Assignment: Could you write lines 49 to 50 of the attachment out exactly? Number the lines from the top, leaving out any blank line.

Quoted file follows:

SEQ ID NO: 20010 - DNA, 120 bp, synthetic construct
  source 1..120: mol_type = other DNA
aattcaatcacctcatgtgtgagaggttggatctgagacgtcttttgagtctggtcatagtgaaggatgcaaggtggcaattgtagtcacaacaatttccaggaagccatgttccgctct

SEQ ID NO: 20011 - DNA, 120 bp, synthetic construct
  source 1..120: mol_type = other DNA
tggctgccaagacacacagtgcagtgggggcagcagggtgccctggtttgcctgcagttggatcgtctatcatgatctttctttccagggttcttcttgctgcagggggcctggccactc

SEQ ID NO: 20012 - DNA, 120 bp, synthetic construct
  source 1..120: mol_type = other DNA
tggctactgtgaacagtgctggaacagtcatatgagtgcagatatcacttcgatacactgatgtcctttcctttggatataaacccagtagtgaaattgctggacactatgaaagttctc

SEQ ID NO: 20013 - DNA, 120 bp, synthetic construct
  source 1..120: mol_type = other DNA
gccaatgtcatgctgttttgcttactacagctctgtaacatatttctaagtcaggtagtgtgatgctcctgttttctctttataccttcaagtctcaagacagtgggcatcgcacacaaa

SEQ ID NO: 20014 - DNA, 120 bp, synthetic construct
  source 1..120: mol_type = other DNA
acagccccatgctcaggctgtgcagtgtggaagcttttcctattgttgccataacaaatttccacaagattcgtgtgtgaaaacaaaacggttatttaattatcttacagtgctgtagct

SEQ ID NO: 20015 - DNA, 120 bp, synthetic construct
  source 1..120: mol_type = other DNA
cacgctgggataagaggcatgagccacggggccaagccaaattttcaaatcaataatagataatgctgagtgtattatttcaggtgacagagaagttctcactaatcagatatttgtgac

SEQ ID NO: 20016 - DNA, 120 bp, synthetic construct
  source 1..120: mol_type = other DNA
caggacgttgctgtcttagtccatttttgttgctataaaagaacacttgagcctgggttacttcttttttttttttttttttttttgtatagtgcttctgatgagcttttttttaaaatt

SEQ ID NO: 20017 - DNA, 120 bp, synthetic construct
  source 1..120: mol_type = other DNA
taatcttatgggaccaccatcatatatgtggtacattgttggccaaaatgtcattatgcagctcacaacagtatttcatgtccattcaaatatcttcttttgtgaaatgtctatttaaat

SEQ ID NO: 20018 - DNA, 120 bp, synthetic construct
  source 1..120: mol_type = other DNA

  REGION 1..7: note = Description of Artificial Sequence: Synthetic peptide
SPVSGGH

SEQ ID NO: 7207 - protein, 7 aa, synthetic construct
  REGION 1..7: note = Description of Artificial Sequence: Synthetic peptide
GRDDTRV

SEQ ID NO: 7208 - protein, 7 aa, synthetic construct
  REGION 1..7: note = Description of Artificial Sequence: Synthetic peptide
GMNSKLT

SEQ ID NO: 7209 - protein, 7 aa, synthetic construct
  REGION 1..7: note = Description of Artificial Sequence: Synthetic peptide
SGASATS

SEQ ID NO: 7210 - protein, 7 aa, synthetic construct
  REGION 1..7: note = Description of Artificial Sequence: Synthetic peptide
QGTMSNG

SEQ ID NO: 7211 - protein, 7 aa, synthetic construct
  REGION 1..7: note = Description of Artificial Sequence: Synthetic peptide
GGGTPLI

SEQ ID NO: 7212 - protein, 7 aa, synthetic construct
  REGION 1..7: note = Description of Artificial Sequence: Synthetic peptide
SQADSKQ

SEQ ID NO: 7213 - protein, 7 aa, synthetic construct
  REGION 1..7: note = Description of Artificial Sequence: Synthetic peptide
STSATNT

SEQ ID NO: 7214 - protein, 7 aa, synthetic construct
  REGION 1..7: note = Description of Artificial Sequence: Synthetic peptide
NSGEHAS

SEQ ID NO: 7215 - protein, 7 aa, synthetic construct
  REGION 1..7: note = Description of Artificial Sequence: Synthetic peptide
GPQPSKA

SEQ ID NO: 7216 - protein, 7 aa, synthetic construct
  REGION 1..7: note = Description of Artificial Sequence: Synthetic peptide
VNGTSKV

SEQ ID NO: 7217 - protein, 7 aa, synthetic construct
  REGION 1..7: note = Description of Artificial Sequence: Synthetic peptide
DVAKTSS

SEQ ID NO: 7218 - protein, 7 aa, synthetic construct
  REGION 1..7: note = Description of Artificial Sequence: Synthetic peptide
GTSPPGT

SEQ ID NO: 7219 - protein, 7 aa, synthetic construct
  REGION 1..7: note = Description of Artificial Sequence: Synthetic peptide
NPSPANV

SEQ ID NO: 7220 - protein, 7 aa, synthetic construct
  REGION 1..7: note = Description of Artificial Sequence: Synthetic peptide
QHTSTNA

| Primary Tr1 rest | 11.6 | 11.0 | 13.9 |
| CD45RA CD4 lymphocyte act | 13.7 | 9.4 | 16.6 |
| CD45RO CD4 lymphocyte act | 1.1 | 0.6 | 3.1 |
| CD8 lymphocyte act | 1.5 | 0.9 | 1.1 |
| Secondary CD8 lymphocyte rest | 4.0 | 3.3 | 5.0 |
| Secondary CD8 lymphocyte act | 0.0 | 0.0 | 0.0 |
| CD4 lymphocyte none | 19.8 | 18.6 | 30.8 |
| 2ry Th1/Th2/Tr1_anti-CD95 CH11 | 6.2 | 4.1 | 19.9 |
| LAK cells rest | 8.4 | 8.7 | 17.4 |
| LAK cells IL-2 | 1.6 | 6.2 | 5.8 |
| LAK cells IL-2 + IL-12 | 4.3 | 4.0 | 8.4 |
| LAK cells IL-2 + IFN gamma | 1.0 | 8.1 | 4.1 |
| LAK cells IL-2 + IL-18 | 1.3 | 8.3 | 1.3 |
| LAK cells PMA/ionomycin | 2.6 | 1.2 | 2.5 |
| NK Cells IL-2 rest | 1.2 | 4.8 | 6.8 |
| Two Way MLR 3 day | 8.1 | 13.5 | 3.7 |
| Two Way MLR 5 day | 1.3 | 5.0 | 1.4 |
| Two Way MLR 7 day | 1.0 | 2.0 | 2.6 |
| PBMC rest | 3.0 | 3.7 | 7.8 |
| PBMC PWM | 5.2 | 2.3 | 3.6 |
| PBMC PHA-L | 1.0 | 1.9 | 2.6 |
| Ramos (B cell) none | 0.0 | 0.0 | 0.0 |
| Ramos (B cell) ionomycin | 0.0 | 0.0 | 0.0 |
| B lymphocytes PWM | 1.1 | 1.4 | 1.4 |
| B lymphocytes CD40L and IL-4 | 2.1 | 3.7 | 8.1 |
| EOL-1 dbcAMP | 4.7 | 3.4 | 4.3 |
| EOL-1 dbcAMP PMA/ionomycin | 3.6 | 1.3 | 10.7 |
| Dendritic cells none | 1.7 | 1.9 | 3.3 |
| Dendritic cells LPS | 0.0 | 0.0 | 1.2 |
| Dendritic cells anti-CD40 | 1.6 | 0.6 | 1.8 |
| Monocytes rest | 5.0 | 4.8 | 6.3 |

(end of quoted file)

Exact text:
STSATNT

SEQ ID NO: 7214 - protein, 7 aa, synthetic construct